Shaky policies, unsustainable economies: ignoring the values of pine nut trees
September 10, 2003
Goods From The Woods
14125 Hwy C.
Licking, Mo. 6554
Sierra Nevada Framework 2Discussion Points:
System sickness due to historical land uses,
Bio-diversity, health and restoration values
Relationship "Healthy Forest Agenda" and Quincy Library Group; Background:
I work with pinyon pine nutsharvested in Nevada, species p.monophylla, My company, Goods From The Woods,has first hand familiarity with the Humboldt-Toiyabe National Forest wheremy pine nuts are harvested. Additionally, I have followed QLG for severalyears and am familiar with the Oakridge studies on forest fuel biomass, togetherwith many reports prepared on underutilized woodlands. I familiar with landmanagement policies in the region and can discuss output-oriented science,which is contributing to the derogation of National Forest Lands. Additionally,I live in the Ozark Forest and work with special forest products from thateco-system. Finally, having spent 7 years in the costal rain forests of Alaska,I can see parallels between land use and forest health in each of these systems. Discussion
The top of the forest systems(trees) were indiscriminately extracted; the lands became ill. We developeda restoration value based in timber, and lost the systems that support foresthealth. Forests became unnatural and we have problems. Extraction and manipulationof these environment have created an imbalance, which is giving rise to unhealthyconditions.
While fire suppression may be a contributing factor to forest health, thetrue key to forest health remains unaddressed. I have spent two years lookingfor any major research addressing the relationship between bio-diversityand wild fire. I have found none.. In last two years, I have yet to findserious consideration of the role bio-diversity plays in wildfire.
From 1960 - the mid 70's, over 3,000,000 acres of pinyonwere deforested to create grazing land, under the auspices of "freeing groundwater" in the Southwest. It is important to note, these are trees requiring150 - 200 years to reach seed bearing maturity and represent a major sourceof food for the most of the creatures that reside or migrate through itsrange. Twenty years later, 1998, Dr. David D. Breshears of Los Alamos Laboratorieswrote a paper on the value of pinyon shade and the role of shade in coolingthe earth. In short, it took a rocket scientist to write a dissertation onan issue every third grader knows. Trees make shade and cool the earth. Whathappens when they are removed in massive quanities?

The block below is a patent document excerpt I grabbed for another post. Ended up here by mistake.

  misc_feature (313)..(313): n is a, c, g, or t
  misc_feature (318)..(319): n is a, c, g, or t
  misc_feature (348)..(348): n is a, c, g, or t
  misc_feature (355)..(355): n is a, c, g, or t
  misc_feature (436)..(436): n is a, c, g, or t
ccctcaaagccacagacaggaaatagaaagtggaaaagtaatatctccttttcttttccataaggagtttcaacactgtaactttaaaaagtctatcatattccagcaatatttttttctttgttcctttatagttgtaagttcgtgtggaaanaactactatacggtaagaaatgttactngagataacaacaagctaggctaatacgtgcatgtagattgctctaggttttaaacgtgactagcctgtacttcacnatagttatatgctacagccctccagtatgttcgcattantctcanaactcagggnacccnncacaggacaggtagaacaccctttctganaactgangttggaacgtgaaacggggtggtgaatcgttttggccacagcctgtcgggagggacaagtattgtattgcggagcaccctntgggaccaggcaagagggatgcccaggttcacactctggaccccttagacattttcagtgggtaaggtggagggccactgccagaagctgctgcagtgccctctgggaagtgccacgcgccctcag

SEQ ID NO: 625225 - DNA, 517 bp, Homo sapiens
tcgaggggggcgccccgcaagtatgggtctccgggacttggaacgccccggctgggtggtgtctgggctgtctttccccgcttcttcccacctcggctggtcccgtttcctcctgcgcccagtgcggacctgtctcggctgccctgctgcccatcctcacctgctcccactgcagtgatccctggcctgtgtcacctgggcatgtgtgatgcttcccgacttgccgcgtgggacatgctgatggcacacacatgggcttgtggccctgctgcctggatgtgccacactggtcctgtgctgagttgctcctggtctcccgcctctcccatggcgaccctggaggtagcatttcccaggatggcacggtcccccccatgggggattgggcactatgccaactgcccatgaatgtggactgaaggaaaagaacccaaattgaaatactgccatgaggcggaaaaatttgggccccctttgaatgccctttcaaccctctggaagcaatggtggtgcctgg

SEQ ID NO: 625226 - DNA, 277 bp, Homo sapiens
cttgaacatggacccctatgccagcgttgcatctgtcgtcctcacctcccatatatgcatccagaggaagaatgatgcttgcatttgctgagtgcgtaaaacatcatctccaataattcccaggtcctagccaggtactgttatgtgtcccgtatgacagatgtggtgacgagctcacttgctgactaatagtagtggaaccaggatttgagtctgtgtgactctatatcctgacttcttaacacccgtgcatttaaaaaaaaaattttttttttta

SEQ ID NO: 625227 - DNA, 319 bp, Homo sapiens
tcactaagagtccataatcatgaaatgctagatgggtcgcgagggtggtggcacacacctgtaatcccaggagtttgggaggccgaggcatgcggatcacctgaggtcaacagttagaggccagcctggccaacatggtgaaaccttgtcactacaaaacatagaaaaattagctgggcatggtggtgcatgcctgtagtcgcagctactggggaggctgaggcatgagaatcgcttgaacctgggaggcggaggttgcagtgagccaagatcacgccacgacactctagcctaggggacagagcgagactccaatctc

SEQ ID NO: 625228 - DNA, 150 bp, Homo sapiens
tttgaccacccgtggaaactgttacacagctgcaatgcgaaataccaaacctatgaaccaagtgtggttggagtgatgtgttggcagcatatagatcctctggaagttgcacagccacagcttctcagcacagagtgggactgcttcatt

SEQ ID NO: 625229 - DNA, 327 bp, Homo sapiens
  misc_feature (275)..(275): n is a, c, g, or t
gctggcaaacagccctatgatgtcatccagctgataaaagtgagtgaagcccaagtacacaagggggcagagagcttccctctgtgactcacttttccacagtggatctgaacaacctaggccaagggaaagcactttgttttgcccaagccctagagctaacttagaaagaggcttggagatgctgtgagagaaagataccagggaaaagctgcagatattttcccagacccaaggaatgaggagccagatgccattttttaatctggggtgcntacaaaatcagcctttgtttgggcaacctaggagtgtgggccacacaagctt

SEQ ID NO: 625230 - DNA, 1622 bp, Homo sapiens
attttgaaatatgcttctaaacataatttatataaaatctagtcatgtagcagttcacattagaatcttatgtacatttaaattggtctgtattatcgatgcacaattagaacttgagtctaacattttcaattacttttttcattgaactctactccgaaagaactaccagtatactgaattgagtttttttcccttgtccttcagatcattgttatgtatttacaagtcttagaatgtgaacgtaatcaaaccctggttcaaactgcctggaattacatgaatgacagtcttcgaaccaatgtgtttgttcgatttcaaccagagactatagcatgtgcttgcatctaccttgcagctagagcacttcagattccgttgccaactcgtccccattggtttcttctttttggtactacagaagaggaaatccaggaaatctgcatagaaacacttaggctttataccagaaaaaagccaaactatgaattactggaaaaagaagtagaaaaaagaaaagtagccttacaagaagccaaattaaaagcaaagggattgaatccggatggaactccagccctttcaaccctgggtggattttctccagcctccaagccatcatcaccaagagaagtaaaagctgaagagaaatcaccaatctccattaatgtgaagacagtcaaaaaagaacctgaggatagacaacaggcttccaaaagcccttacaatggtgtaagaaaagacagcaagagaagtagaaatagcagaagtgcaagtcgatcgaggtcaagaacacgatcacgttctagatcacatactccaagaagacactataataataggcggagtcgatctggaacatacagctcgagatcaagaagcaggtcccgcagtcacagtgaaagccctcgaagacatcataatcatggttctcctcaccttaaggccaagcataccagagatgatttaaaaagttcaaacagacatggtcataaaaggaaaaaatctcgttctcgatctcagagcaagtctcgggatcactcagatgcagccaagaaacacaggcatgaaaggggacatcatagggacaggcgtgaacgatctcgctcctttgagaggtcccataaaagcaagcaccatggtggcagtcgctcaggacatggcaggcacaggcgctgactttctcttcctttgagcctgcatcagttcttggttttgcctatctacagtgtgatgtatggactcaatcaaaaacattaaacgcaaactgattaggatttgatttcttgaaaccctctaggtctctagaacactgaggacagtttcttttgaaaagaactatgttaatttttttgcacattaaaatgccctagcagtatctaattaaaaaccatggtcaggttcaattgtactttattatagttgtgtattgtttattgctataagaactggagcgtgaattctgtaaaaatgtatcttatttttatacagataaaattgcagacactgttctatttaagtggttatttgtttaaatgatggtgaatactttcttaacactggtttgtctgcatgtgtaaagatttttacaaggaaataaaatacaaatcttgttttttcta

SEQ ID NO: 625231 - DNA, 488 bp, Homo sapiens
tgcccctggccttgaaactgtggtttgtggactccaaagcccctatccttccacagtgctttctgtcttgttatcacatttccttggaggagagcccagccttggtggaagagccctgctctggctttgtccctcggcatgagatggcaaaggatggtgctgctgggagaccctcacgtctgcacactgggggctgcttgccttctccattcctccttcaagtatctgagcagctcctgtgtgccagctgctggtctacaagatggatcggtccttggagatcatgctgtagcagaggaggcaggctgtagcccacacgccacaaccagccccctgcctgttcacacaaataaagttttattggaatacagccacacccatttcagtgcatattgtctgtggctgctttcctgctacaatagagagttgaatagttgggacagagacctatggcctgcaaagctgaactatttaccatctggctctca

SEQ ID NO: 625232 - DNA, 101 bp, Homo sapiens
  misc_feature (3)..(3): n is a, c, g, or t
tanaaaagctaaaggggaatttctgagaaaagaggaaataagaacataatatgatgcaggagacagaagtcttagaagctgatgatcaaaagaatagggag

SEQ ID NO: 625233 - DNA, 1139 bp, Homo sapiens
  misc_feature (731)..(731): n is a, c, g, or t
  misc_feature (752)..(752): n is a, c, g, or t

With the pinyonranges there was an invasion by a highly flammable weed. This weeddies out in early May, leaving an explosive, highly ignitable fuel source.The cheatgrass, remnant of pinyon deforestation created a wild fire crises.Yet, applied science fire scientist, looked only at the number of acres burning,without giving much analysis thought beyond that.
Somewhere along the line, the QLG then creatingan industry, ordinated, outcome based solution "too many trees, too closetogether” and “fire suppression fuels build up” rhetoric, evolving simultaneouslywith our projected need for ethanol and bio-mass fuels. OakridgeLaboratories began developing forest fuels set-asides to meet energy needs.Our energy needs had meshed seamlessly into the National Fire ProtectionPlan, and the Forest Health Crises. That is exactly the genesis of the HealthyForest Restoration, another industrialized application of our public lands,stepped in poor, outcome based science, without any true attempt to addressthe real crises in American Forests.